Dividends per share 4,200 6,000
Book value per share 90,000

b. Using the following two equations, the growth rate for EPS and DPS can be determined.

(1 + gEPS)5 EPS99 = EPS04.
(1 + gDPS)5 DPS99 = DPS04.

gEPS gDPS
Kennedy 8.4% 8.4%
Strasburg 6.4 6.4
Edelman 8.0 7.4

c. Based on the figures in Part a, it is obvious that Edelman’s stock would not sell in the range of $25 to $100 per share. The small number of shares outstanding has greatly inflated EPS, DPS, and book value per share. Should Edelman attempt to sell its stock based on the EPS and DPS above, it would have difficulty finding investors at the economically justified price.


d. Edelman’s management would probably be wise to split the stock so that EPS, DPS, and book value were closer to those of Kennedy and Strasburg. This would bring the price of the stock into a more reasonable range.

e. A 4,000-for-1 split would result in 400,000 shares outstanding. If Edelman has 400,000 shares outstanding, then we would have the following:

1999 2004
Earnings per share $2.04 $ 3.00
Dividends per share 1.05 1.50
Book value per share 22.50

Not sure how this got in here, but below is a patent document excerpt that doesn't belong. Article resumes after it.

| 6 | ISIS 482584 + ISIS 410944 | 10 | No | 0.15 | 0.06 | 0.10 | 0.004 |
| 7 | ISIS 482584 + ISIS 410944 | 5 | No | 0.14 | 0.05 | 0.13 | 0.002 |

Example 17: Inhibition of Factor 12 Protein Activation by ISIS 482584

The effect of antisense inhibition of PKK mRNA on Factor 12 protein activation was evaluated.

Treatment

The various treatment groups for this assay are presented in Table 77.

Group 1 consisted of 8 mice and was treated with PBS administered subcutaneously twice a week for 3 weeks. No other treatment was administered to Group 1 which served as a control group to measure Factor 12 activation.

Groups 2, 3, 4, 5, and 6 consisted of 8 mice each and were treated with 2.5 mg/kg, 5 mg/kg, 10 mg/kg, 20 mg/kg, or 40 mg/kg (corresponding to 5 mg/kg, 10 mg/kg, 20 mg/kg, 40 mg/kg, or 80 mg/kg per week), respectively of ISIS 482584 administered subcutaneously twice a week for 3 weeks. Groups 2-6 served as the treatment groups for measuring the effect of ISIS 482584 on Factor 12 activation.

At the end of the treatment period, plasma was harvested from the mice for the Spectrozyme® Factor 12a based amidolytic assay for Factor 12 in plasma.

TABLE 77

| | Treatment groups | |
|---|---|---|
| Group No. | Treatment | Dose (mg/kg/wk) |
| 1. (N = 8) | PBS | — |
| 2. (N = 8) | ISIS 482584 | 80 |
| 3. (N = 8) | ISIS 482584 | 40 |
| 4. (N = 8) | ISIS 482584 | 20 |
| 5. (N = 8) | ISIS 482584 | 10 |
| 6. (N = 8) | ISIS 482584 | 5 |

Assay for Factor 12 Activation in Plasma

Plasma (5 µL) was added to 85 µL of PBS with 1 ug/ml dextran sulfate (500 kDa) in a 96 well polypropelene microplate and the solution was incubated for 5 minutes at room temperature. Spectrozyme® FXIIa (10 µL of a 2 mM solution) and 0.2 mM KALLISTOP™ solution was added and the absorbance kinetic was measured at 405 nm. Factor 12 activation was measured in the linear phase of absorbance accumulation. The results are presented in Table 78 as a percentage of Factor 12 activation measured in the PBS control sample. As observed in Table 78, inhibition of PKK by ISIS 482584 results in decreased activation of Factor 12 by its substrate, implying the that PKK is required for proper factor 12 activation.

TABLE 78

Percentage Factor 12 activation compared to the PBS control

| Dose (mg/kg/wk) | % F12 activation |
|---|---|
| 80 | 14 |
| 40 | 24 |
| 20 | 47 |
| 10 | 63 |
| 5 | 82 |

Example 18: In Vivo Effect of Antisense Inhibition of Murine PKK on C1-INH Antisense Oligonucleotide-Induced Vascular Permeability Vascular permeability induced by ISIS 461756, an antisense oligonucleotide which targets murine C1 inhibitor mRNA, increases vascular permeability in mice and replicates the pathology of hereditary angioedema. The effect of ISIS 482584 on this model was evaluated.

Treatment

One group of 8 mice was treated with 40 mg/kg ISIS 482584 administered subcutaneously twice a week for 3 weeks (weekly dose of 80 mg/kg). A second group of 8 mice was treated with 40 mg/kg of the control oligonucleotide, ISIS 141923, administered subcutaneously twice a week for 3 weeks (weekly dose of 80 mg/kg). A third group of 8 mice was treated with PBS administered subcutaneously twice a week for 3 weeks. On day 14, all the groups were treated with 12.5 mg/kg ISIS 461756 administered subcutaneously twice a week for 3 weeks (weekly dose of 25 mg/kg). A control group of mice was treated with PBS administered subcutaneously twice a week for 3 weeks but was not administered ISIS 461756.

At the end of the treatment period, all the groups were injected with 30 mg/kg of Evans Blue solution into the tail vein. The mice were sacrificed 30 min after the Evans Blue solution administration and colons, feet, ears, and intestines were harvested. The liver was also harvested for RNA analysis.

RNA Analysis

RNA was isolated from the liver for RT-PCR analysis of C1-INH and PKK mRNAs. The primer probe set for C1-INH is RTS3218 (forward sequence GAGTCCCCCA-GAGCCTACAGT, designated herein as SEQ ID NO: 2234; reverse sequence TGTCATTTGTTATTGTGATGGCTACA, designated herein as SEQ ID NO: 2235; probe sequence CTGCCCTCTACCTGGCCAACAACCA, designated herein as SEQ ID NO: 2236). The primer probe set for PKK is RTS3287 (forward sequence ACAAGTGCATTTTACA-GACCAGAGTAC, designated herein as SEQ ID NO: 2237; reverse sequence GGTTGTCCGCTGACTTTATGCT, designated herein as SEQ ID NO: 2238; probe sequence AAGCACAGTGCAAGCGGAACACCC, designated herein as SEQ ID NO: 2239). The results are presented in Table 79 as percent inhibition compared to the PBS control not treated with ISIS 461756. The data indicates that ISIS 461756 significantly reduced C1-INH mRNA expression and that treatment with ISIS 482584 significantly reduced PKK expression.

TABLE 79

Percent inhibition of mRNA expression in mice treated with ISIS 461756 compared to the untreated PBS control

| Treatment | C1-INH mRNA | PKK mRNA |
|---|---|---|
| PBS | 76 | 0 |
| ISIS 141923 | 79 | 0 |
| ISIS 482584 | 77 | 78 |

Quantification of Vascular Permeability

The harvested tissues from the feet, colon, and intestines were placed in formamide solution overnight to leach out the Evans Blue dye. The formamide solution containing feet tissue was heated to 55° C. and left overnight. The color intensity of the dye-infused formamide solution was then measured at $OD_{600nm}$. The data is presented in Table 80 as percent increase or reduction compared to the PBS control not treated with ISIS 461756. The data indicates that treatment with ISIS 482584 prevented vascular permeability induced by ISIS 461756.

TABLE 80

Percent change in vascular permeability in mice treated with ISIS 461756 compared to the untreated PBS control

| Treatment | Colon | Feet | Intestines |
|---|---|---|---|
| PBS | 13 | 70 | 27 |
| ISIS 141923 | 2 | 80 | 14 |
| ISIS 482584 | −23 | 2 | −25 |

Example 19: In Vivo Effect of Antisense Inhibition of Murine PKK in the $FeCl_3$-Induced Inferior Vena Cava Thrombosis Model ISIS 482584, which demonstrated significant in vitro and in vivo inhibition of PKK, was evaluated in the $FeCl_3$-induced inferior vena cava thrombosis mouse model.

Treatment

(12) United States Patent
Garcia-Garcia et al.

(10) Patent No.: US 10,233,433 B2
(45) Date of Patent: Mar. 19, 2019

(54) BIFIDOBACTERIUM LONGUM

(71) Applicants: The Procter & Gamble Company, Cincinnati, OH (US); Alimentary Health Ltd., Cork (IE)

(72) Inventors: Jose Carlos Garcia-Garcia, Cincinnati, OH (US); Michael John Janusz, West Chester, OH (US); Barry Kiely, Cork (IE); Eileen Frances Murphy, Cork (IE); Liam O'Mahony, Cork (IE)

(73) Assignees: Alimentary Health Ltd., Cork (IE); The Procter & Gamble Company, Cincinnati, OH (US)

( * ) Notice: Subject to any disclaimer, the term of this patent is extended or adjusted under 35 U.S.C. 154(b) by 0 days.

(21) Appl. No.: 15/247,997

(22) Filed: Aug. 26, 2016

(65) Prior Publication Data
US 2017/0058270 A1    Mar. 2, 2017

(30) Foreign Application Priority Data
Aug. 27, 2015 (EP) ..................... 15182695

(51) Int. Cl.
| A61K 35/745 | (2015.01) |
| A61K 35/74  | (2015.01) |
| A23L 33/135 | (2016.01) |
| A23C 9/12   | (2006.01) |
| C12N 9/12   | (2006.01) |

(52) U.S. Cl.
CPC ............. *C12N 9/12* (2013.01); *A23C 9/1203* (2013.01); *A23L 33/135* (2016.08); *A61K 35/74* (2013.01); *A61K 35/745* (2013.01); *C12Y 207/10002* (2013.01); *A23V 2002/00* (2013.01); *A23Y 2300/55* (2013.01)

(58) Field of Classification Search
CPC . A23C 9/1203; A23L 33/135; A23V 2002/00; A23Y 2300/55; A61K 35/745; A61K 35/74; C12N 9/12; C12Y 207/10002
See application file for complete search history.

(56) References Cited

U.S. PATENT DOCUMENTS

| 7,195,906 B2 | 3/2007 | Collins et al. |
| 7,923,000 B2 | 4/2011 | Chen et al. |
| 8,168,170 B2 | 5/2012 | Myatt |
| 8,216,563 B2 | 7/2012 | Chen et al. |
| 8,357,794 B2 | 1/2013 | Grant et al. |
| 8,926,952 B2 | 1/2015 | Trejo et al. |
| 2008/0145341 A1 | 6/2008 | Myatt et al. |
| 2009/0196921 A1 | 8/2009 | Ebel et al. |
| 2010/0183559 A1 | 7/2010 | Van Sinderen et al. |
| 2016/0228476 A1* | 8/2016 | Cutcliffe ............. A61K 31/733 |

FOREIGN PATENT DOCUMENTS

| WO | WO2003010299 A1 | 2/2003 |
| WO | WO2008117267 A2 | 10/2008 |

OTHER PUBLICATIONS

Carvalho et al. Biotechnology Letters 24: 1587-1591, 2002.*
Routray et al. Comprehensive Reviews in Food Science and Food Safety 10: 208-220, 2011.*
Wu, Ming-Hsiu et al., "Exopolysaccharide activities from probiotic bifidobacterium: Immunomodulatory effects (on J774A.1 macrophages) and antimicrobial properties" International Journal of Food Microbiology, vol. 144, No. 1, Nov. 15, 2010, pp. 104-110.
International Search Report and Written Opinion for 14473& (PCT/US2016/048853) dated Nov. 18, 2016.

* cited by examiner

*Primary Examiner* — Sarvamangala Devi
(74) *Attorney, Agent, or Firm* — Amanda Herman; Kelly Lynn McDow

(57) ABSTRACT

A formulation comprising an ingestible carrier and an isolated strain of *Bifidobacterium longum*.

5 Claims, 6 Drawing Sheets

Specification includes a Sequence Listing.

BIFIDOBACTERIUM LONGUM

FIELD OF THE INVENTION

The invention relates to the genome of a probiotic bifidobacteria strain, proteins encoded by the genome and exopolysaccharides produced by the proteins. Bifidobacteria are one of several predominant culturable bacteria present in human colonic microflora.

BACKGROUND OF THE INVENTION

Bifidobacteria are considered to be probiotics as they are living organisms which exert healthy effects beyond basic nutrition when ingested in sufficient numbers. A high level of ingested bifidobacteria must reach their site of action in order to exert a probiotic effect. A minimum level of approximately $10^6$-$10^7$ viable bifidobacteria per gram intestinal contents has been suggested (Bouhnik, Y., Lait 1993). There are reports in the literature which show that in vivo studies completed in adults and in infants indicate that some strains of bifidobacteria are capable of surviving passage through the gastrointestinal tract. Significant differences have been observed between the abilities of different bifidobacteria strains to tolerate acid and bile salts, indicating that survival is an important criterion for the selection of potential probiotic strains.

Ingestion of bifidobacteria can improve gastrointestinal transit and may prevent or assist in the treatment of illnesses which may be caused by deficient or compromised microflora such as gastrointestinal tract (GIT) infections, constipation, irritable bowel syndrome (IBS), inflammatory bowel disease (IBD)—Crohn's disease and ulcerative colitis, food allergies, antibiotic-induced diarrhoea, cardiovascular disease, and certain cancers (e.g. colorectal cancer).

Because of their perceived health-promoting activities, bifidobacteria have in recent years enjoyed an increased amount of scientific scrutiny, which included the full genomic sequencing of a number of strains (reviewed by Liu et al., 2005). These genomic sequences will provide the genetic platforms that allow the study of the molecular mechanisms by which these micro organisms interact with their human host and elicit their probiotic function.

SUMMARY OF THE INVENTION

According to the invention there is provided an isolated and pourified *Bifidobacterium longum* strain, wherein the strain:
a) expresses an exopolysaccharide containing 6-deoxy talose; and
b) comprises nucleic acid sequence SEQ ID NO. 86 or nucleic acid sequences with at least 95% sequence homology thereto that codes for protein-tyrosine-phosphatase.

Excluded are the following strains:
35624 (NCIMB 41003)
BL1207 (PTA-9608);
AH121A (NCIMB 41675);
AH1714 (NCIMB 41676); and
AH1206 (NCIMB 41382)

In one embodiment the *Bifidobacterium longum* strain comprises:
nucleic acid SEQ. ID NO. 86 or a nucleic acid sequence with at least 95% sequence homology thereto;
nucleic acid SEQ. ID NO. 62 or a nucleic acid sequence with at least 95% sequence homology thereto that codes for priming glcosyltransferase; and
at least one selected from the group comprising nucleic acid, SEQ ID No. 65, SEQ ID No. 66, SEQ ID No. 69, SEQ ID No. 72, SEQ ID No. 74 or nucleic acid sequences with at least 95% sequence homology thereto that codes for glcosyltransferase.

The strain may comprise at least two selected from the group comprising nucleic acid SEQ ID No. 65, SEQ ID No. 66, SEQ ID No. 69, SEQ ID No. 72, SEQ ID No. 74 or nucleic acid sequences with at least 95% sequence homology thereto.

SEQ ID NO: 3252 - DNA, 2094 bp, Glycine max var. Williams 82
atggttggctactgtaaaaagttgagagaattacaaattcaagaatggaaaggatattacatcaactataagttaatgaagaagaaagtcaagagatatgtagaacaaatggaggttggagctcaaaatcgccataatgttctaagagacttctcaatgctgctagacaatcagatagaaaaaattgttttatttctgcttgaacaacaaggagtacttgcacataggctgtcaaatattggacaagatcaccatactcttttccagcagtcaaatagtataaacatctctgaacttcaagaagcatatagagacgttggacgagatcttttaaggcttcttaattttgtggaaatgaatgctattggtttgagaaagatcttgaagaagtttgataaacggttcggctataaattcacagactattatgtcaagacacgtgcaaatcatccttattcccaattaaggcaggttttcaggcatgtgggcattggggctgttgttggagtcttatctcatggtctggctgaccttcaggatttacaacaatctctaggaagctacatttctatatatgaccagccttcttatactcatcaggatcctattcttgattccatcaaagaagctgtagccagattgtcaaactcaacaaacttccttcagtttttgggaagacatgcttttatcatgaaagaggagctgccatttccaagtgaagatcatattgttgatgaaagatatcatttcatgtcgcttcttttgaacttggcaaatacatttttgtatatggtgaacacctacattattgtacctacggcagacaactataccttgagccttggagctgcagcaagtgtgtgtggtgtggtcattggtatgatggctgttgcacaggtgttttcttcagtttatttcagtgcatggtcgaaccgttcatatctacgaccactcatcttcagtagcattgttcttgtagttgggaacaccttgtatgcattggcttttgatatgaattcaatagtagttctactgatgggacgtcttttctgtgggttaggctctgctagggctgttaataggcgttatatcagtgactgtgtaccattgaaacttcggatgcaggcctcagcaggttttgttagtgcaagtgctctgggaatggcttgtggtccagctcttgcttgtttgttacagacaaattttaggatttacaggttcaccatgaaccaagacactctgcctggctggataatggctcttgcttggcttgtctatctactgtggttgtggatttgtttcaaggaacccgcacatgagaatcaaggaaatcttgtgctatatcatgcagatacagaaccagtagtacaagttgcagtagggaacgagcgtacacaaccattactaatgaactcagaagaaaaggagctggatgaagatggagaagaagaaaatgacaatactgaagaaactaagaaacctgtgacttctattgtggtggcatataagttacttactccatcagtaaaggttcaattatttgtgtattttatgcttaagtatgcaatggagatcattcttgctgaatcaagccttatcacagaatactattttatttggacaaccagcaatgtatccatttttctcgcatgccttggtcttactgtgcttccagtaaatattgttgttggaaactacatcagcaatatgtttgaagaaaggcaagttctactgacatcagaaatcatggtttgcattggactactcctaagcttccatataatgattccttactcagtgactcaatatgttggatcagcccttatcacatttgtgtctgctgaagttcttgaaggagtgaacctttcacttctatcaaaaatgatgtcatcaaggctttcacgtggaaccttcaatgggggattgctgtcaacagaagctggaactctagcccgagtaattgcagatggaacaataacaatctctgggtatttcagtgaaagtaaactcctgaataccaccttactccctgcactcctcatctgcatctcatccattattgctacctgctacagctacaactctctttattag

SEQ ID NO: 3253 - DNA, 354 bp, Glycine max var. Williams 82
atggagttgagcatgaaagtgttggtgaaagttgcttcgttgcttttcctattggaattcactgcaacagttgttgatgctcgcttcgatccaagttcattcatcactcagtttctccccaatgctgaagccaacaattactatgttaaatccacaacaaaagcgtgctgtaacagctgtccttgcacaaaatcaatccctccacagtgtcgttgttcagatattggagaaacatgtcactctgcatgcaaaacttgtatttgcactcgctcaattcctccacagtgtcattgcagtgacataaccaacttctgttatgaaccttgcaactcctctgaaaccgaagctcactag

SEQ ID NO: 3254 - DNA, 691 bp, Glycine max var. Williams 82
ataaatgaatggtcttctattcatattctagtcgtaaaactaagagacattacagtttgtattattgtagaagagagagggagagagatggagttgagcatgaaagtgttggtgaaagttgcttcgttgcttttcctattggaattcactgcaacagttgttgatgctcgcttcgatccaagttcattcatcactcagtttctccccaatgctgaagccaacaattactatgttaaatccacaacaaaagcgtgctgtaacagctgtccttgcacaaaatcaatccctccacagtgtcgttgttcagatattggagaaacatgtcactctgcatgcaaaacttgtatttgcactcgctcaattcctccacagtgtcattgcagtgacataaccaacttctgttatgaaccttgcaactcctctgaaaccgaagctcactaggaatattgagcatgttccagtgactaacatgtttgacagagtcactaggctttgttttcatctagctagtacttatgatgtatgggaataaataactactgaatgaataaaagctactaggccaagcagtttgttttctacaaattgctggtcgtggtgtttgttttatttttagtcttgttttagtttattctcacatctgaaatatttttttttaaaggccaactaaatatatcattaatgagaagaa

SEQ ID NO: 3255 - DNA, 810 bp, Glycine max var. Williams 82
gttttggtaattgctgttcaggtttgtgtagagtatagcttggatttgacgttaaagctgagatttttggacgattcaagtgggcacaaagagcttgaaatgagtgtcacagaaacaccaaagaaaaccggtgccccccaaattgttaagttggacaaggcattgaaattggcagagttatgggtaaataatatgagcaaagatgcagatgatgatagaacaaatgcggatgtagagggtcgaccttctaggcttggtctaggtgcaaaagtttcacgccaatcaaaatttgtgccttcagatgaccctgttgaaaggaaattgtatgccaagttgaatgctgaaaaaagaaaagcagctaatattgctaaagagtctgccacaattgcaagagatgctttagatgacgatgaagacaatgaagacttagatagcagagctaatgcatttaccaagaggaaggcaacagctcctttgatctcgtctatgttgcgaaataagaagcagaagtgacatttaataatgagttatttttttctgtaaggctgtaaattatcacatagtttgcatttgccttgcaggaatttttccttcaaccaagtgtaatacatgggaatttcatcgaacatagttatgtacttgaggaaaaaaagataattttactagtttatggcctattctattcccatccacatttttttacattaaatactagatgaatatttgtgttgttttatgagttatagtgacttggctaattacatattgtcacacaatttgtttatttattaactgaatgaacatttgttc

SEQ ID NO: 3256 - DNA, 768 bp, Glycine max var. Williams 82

f. ROE
Kennedy 15.00%
Strasburg 13.64
Edelman 13.33

g. Payout Ratio
1999 2004
Kennedy 50% 50%
Strasburg 50 50
Edelman 51 50

All three companies seem to be following similar dividend policies, paying out about 50 percent of their earnings.

h. D/A is 43 percent for Kennedy, 37 percent for Strasburg, and 55 percent for Edelman. This suggests that Edelman is more risky, hence should sell at relatively low multiples.

i. P/E
Kennedy $36/$4.50 = 8.00?
Strasburg $65/$7.50 = 8.67

These ratios are not consistent with g and ROE; based on gs and ROEs, Kennedy should have the higher P/E. Probably size, listing status, and debt ratios are offsetting g and ROE.














j. The market prices of Kennedy and Strasburg yield the following multiples:

Multiple of Multiple of Multiple of Book
EPS, 2004 DPS, 2004 Value per Share, 2004
Kennedy 8.00? 16.00? 1.20?
Strasburg 8.67 17.33 1.18

Applying these multiples to the data in Part e, we obtain the following market prices:

Indicated Market Price
for Edelman Stock
Based on Data of:
Kennedy Strasburg
Based on earnings, 2003 $24.00 $26.01
Based on dividends, 2003 24.00 26.00
Based on book value per share 27.00 26.55

k. = + g.
Kennedy = + 8.4% = 15.18.
Strasburg = + 6.4% = 12.54%.
Edelman = .
Based on Kennedy: = = $21.54.
Based on Strasburg: = = $33.66.